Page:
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Rusty Dies, Pretty Penny posted by Electric Peak Collection

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  • Member: Seasoned Veteran

I finally took pictures of a bunch of recent acquisitions.


I've been behind with posting photos of recent registry additions. Saturday night I got the camera out and got a few dozen done. Only the freebie state quarters from paid membership a few years back and several modern proof commemoratives remain without mug shots.


The attached photo is the obverse of one of my acquisitions from the recent Baltimore show. I obtained an 1853 No Arrows half dime, and this 1828 N-6 large cent.


During the early years of the U.S. Mint, when a die broke or was worn out and needed to be replaced, there were occasions when the replacement die had been sitting around for awhile and developed rust pits. In some cases, a die rusted during the course of its use. The latter case applies to the obverse die used to strike this cent.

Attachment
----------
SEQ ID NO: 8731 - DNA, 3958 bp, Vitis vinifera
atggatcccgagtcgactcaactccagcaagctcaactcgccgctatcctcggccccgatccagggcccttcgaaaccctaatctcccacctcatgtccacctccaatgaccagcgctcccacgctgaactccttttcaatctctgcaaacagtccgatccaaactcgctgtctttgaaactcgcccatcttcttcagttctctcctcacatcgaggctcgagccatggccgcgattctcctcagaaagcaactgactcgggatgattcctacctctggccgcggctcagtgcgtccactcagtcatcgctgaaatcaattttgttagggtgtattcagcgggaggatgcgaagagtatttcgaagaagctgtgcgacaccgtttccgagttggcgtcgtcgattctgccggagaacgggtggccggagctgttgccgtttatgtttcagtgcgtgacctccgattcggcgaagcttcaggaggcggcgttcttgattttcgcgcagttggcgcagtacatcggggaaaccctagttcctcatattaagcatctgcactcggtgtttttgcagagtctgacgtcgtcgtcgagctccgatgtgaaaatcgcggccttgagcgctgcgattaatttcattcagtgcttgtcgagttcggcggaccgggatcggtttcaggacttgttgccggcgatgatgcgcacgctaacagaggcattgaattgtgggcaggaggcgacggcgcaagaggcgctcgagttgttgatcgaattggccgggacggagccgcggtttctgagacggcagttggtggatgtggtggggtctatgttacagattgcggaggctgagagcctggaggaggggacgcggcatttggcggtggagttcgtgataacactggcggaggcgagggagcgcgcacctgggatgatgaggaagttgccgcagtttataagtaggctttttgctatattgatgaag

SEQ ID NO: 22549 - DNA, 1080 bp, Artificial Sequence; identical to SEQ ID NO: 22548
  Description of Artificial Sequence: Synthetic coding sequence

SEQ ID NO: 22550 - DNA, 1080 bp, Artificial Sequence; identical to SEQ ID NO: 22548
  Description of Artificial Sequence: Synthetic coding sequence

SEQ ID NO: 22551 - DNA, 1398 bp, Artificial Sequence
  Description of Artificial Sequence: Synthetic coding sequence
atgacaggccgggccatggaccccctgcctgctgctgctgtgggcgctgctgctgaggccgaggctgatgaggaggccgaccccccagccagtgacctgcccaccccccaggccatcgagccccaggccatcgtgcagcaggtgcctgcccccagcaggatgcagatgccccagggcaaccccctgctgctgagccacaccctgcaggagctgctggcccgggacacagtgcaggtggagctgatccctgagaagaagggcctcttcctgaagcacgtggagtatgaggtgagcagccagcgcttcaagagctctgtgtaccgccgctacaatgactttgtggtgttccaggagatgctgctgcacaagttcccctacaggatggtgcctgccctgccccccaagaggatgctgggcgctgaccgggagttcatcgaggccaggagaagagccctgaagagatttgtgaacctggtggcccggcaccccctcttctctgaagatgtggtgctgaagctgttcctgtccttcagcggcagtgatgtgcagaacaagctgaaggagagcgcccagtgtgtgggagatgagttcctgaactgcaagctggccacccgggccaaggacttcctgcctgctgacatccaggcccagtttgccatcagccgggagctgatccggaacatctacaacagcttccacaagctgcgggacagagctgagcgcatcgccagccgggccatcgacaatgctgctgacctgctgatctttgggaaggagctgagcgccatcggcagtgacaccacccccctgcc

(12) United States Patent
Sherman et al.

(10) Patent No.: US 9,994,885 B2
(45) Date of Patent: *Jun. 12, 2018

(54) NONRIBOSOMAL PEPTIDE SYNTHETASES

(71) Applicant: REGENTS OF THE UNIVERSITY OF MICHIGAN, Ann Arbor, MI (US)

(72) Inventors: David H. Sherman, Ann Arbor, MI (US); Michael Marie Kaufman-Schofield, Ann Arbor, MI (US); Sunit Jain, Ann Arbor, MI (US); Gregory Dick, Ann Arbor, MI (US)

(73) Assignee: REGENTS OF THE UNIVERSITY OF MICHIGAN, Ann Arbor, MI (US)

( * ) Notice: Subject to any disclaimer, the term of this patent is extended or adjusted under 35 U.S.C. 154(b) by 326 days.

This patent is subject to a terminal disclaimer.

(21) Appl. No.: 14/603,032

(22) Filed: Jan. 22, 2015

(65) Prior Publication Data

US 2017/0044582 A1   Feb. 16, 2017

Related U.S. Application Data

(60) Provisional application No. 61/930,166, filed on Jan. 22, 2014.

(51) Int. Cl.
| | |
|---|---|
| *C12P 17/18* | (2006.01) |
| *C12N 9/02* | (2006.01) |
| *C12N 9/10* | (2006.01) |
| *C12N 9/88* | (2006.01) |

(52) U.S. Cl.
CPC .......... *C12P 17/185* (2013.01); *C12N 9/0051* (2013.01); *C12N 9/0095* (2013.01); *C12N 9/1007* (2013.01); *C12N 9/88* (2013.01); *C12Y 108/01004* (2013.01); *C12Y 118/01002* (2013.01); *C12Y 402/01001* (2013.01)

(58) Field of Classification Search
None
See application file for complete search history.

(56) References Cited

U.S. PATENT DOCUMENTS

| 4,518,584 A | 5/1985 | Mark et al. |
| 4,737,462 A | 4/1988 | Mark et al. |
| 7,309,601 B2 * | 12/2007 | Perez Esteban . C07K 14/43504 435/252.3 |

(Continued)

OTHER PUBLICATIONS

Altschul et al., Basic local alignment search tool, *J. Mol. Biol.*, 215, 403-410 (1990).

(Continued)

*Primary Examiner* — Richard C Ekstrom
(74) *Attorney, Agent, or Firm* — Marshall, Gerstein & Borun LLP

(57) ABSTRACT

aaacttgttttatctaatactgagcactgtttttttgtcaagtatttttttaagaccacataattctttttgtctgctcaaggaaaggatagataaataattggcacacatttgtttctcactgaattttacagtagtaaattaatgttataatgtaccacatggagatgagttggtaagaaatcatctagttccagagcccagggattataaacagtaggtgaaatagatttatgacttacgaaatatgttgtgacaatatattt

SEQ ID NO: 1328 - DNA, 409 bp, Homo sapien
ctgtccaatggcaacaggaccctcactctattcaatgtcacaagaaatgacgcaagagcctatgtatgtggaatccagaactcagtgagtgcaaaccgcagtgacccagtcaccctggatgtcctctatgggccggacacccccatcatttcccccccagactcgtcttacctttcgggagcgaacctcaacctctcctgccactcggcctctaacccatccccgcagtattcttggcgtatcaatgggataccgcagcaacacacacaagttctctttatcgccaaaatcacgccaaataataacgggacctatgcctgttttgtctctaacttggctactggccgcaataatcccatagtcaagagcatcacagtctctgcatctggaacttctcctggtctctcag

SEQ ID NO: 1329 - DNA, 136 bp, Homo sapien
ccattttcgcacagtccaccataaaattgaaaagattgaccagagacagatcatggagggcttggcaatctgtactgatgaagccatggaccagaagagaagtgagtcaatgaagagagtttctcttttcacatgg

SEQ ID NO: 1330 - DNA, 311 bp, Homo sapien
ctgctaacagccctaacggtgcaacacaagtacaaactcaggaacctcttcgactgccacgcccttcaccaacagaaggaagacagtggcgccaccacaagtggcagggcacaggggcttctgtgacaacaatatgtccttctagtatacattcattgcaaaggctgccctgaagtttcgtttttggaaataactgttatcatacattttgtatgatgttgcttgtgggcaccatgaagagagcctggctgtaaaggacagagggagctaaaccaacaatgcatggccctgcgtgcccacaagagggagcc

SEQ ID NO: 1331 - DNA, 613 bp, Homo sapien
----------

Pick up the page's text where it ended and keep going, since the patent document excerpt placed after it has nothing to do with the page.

According to "The Cent Book" by John Wright, early N-7 strikes show that the obverse die had little or no rust pitting, while later strikes have evidence of die rust scattered all over. This die remained in use after the N-7 reverse die was retired. The N-6 variety is a mating of this used obverse die and a new reverse die. Apparently nothing was done to reduce the effect of the rust, and Write says of the N-6 variety that "high grade examples do look really impressive with the rust lumps all over the obverse."


I would imagine that there was at least one gap in the production of N-7 cents during which the rusting occurred. According to Wright, the N-7 reverse die showed evidence of rusting along with the obverse die, supporting that supposition. It seems implausible to me that it could have occurred during a continuous run of cent production. In any case, here's my newest copper baby, lumps and all.



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